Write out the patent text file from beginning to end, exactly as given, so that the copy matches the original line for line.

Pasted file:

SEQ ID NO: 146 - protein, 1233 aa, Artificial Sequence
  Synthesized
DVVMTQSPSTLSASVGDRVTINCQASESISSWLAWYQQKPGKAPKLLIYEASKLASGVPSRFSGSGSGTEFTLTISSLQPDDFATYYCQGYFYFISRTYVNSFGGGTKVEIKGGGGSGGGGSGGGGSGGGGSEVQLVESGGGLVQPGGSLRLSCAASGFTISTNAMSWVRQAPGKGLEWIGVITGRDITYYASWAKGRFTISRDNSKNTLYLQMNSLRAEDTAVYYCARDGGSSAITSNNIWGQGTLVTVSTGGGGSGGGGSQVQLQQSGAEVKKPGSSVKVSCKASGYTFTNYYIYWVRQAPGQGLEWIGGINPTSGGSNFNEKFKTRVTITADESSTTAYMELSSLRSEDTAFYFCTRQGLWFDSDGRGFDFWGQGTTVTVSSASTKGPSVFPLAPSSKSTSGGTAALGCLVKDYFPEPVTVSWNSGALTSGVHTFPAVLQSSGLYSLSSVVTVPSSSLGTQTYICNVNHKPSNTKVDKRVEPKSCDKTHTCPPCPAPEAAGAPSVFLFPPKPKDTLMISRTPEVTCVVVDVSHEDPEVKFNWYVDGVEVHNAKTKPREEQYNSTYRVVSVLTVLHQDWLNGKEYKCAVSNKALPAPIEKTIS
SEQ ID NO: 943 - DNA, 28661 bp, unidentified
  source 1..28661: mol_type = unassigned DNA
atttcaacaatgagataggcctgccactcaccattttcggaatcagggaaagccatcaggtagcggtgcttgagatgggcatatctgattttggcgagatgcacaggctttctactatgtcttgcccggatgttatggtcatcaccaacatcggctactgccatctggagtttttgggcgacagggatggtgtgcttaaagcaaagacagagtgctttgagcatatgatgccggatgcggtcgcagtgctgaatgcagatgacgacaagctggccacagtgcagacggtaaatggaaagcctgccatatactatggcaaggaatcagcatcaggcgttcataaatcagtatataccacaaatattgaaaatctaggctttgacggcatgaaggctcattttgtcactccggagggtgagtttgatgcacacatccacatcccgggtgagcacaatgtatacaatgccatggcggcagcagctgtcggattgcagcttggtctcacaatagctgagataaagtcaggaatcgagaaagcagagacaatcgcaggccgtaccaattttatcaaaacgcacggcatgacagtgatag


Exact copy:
SEQ ID NO: 146 - protein, 1233 aa, Artificial Sequence
  Synthesized
DVVMTQSPSTLSASVGDRVTINCQASESISSWLAWYQQKPGKAPKLLIYEASKLASGVPSRFSGSGSGTEFTLTISSLQPDDFATYYCQGYFYFISRTYVNSFGGGTKVEIKGGGGSGGGGSGGGGSGGGGSEVQLVESGGGLVQPGGSLRLSCAASGFTISTNAMSWVRQAPGKGLEWIGVITGRDITYYASWAKGRFTISRDNSKNTLYLQMNSLRAEDTAVYYCARDGGSSAITSNNIWGQGTLVTVSTGGGGSGGGGSQVQLQQSGAEVKKPGSSVKVSCKASGYTFTNYYIYWVRQAPGQGLEWIGGINPTSGGSNFNEKFKTRVTITADESSTTAYMELSSLRSEDTAFYFCTRQGLWFDSDGRGFDFWGQGTTVTVSSASTKGPSVFPLAPSSKSTSGGTAALGCLVKDYFPEPVTVSWNSGALTSGVHTFPAVLQSSGLYSLSSVVTVPSSSLGTQTYICNVNHKPSNTKVDKRVEPKSCDKTHTCPPCPAPEAAGAPSVFLFPPKPKDTLMISRTPEVTCVVVDVSHEDPEVKFNWYVDGVEVHNAKTKPREEQYNSTYRVVSVLTVLHQDWLNGKEYKCAVSNKALPAPIEKTIS
SEQ ID NO: 943 - DNA, 28661 bp, unidentified
  source 1..28661: mol_type = unassigned DNA
atttcaacaatgagataggcctgccactcaccattttcggaatcagggaaagccatcaggtagcggtgcttgagatgggcatatctgattttggcgagatgcacaggctttctactatgtcttgcccggatgttatggtcatcaccaacatcggctactgccatctggagtttttgggcgacagggatggtgtgcttaaagcaaagacagagtgctttgagcatatgatgccggatgcggtcgcagtgctgaatgcagatgacgacaagctggccacagtgcagacggtaaatggaaagcctgccatatactatggcaaggaatcagcatcaggcgttcataaatcagtatataccacaaatattgaaaatctaggctttgacggcatgaaggctcattttgtcactccggagggtgagtttgatgcacacatccacatcccgggtgagcacaatgtatacaatgccatggcggcagcagctgtcggattgcagcttggtctcacaatagctgagataaagtcaggaatcgagaaagcagagacaatcgcaggccgtaccaattttatcaaaacgcacggcatgacagtgatag